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Fire & Water - Cleanup & Restoration

Fire Drills

1/6/2022 (Permalink)

A Fire Alarm Pull A Fire Alarm Pull

When running a business, your top priority should be the safety of your employees and patrons. Having a safety plan in place will help your employees know what to do in case of an emergency event. Doing drills such as a fire drills will help your employees know what to do and where to go if a fire should happen. Doing regular fire drills with different scenarios is important, because of the many variables that could occur. So it is best to be prepared as much as you can. When putting together an emergency plan, remember the Seven P’s (Proper prior planning and preparation prevents poor performance). There should be one person per shift that is in charge during an emergency.

For a commercial building, there should be some key points in a fire plan: You will want to establish roles and responsibilities for a fire evacuation team. Make sure there is a communication plan, such as mapping out routes. Make sure you know the locations of all fire alarms, smoke detectors, and fire extinguishers. It is best to run your employees through a fire drill at least twice a year.

When setting up standards for you fire drill, it becomes easier after the first one. You will have a better idea what needs to be done, routes, and acceptable times.

You should have goals, such as how much time does it take to shutdown critical equipment, how long does it take for everyone to get out of the building, and do a check-in. Once the first one is done, have a sit down with the leaders and have them give you a report. Then re-adjust either your goals, routes, or routines on getting out.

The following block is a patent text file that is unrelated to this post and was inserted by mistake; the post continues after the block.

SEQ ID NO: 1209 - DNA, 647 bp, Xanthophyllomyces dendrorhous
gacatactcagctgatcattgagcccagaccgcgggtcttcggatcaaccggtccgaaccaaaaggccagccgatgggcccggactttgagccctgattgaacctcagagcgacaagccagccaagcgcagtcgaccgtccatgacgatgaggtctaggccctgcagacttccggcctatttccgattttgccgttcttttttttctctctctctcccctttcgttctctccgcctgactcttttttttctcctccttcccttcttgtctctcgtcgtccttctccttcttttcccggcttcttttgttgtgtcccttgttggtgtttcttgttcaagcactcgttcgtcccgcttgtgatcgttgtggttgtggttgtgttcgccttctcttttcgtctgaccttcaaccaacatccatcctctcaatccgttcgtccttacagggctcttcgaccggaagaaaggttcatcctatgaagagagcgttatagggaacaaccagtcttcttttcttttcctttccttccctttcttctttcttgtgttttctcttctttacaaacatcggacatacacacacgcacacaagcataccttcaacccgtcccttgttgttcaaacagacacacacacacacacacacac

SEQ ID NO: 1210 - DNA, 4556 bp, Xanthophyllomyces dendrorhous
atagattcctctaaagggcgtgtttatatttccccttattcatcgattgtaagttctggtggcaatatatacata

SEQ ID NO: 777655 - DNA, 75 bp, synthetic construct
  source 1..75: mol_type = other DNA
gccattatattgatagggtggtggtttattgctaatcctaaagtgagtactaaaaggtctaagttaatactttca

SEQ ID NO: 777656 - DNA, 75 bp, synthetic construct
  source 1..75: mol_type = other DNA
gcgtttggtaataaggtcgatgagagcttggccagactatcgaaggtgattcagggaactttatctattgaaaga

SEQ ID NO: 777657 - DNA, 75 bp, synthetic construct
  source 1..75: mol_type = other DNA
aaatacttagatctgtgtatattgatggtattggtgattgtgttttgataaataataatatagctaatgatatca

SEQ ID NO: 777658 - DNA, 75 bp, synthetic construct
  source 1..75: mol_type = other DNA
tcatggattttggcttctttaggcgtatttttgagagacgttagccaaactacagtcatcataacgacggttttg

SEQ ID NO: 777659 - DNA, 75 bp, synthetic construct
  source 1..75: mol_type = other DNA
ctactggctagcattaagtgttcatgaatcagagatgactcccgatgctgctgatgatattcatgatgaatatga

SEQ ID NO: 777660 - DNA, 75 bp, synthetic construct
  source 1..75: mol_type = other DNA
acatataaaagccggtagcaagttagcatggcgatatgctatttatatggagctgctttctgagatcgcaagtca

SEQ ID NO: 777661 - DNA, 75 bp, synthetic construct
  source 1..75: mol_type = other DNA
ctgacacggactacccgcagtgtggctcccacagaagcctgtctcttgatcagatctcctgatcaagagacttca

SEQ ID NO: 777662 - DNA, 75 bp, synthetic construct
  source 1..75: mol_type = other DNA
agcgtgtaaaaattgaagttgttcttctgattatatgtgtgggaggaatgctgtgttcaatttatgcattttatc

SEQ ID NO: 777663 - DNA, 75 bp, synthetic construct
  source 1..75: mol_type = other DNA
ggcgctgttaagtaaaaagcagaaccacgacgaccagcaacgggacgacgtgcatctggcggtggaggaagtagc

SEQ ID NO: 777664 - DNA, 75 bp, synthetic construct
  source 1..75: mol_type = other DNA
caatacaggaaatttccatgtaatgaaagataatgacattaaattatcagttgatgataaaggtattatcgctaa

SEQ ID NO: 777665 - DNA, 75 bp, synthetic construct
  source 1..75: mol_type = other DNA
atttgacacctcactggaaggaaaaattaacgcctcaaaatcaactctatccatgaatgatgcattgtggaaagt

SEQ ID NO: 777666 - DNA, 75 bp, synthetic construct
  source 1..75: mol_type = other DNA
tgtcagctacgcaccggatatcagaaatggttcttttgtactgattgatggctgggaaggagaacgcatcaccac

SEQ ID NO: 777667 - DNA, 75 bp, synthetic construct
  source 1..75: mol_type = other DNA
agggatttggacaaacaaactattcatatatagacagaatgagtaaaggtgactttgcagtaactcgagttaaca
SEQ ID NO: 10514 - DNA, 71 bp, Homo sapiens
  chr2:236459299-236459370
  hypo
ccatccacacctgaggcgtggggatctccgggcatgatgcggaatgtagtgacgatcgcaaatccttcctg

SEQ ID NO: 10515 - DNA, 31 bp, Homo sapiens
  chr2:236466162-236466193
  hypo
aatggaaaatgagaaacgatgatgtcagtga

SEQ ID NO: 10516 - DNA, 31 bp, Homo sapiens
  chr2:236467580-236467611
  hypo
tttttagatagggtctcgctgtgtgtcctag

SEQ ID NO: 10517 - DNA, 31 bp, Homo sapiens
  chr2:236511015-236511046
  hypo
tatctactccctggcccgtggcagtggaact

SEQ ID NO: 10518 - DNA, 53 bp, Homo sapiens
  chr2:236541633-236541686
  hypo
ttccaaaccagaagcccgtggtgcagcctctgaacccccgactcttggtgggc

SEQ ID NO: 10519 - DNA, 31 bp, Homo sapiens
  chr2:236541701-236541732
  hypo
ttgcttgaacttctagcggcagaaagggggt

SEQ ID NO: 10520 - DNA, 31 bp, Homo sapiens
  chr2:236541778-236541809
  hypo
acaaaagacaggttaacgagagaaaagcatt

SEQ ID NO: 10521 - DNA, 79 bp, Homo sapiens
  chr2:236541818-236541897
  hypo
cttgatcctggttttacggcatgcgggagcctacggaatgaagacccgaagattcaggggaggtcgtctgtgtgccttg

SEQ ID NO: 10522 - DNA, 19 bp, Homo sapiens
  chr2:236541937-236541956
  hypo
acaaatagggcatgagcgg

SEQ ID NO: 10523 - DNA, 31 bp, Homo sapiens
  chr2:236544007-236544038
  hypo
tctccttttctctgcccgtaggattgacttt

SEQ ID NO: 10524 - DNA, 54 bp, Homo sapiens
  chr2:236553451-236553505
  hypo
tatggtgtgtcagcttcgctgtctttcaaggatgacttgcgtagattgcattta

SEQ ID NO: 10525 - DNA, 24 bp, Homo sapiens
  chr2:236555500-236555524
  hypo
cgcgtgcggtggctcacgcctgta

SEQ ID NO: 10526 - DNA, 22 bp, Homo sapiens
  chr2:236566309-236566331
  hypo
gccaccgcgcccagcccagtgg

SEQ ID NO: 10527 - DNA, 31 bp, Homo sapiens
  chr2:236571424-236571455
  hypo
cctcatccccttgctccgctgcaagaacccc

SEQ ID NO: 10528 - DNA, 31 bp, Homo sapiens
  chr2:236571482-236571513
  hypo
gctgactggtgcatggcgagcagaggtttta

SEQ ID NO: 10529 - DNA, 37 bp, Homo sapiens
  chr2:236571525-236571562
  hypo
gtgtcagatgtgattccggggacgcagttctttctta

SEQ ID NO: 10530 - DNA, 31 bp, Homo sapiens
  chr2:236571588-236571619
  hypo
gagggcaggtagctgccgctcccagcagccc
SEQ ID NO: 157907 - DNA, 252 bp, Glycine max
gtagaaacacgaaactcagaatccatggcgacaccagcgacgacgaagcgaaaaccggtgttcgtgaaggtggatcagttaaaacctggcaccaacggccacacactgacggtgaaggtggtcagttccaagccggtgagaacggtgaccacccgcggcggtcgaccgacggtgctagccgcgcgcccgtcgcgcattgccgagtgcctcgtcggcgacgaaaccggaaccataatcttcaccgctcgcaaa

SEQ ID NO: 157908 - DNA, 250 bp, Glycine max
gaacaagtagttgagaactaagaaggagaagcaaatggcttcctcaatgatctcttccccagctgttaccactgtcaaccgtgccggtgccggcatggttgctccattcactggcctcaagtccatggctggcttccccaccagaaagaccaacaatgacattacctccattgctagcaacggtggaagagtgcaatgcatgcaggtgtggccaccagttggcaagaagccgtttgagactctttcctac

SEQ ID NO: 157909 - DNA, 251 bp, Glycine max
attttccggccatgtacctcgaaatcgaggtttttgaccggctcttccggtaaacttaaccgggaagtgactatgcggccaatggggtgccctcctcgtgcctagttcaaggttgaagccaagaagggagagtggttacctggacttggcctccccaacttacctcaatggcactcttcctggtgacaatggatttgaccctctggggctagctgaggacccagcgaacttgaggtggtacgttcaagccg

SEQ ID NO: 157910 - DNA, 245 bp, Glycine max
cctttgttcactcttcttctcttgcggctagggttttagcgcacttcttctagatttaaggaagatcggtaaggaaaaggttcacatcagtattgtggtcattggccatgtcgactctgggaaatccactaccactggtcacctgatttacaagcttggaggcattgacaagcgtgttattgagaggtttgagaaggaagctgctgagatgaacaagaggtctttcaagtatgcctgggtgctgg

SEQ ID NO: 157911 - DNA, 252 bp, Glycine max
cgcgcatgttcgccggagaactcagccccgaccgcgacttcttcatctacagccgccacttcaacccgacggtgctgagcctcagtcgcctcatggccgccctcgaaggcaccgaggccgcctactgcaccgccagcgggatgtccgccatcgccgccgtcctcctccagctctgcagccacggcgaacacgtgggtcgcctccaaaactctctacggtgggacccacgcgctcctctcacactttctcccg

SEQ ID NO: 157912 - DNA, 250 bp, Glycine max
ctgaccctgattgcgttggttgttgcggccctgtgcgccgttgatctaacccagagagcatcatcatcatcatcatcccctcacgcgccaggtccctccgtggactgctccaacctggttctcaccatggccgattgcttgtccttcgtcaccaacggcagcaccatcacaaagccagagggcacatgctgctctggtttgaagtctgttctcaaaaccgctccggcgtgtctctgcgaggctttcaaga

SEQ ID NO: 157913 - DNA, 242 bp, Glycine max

Once you have things established, rehearsing fire drills regularly is important. Changing the routine is important too. People can start getting complacent, so when the time comes, everyone will be on top of their game.

Appoint independent observers during drills. You want people that are not on your team to keep an eye out during a fire drill. Things they should be looking out for: large groups moving slowly and talking to each other, people using cellphones, people grabbing coats, purses, or bags, doors that are hard to open or slippery floors that could cause problems with people that have a disability, or anyone that chooses to use a different exit rather than the one close to them.

After a fire drill is done, there should be an AAR(After Action Review). Things that should be reported include: did employees close the door after exiting the room? Was everyone calm and confident? Did everyone go where they are suppose to go? Did all the alarms work properly?

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